Through the lab, and the centre’s accelerator program, the hope is to give more green-tech start-ups in the region the support they need to flourish. It’s just one piece of the evolvGreen puzzle, which in its entirety hopes to drive the green sector forward in the region.

“The evolvGREEN is a collaborative space,” explained Tova Davidson executive director of Sustainable Waterloo Region, which led the charge on the evolvGREEN project. “And what has happened in there is the four partners, and then people who then come in and work there as well … together are all working to take advantage of the green tech sector world-wide which is a $3-trillion sector, but Canada is losing market share.”

Of course, the area is no slouch when it comes to science and technology; the talent and leadership exists in Waterloo, contends Davidson, but it needs to be leveraged to spur on rapid growth.

“We in Waterloo Region are a strong leader in sustainability and innovation, and I think it’s an opportunity for diversification and strengthening of our economy through the adoption and leveraging of that innovation and leadership that happens here. So the idea, the vision from Sustainable Waterloo Region, is that what we want to do is to accelerate that to the economic benefit of our region,” she said,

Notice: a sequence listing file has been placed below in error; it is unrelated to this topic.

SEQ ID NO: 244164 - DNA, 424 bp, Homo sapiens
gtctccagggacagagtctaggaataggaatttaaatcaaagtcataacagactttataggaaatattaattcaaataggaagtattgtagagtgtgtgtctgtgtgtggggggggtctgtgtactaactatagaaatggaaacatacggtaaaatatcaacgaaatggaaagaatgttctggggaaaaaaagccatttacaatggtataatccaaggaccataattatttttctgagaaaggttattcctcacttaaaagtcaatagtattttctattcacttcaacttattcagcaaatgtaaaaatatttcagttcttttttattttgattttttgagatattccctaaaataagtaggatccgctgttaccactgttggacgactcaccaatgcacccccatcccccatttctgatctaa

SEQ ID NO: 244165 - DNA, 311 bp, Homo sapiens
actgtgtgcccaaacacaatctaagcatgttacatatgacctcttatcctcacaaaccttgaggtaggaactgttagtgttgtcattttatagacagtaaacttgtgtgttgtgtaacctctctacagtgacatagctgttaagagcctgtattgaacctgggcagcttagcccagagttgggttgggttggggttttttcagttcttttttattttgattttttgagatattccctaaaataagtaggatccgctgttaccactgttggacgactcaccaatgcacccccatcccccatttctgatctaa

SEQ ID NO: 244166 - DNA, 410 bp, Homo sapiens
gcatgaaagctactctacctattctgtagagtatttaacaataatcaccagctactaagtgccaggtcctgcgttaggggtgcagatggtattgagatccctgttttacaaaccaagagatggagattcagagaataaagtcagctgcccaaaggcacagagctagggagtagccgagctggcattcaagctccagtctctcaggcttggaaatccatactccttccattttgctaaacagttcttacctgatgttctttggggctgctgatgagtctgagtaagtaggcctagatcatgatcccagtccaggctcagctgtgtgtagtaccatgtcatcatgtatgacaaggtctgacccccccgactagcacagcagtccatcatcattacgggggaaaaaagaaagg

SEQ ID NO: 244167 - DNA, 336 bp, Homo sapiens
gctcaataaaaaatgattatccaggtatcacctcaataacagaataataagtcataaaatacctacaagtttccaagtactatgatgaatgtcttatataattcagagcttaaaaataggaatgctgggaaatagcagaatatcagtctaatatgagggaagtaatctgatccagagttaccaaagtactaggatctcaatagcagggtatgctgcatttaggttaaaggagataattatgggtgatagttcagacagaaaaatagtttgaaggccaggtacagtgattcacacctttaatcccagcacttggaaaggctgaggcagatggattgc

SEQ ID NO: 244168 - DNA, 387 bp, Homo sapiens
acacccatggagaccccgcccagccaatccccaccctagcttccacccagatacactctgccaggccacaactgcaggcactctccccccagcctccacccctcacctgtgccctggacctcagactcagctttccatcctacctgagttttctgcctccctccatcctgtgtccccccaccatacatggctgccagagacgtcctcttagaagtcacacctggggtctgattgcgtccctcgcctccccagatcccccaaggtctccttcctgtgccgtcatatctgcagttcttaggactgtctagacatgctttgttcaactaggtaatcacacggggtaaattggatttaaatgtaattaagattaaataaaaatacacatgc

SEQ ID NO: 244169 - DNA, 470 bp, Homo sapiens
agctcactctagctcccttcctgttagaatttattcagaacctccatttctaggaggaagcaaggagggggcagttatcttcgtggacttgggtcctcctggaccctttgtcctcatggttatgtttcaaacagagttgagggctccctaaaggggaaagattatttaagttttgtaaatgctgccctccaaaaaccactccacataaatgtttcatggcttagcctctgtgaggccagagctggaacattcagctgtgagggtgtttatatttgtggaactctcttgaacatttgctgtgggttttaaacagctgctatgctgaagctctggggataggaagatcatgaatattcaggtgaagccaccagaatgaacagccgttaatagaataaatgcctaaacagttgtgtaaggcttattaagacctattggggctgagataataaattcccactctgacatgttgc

The evolvGREEN program will be officially launching tomorrow (Friday), at the evolv1 building located in the David Johnston Research + Technology Park at the UW campus.

To encourage thoughtful and respectful conversations, first and last names will appear with each submission to The Observer's online community. Pseudonyms are not permitted. By submitting a comment, you accept that The Observer has the right to reproduce and publish that comment in whole or in part, in any manner The Observer chooses. Please note that The Observer does not endorse the opinions expressed in comments. Comments on this story are moderated according to our submission guidelines. Comments are welcome while open. We reserve the right to close comments at any time.


Local couple take DIY workout equipment to the next level

With gyms closed during the coronavirus lockdown and many of us staying put, at-home workouts became the norm. The resultant run on equipment created an opportunity for Kerri Brown and Ben Gibson.

In Print. Online. In Pictures. In Depth.

You obviously love community journalism. Thanks for visiting today. If you have a great local story, let us know.

Council approves zone change for township development in village

Slightly scaled back, a townhouse development in Wellesley village moved one step closer this week when township council approved the required official...

The play’s the thing, even if it’s digital

Is the future of live performance digital? If so, the Elora Community Theatre (ECT) has a leg up on the competition.

Going to market with more farm offerings

For years, Wellesley Township’s Josephine McCormick and her family have chosen to forego the usual farmers’ markets, opting for some form of...
- Advertisement -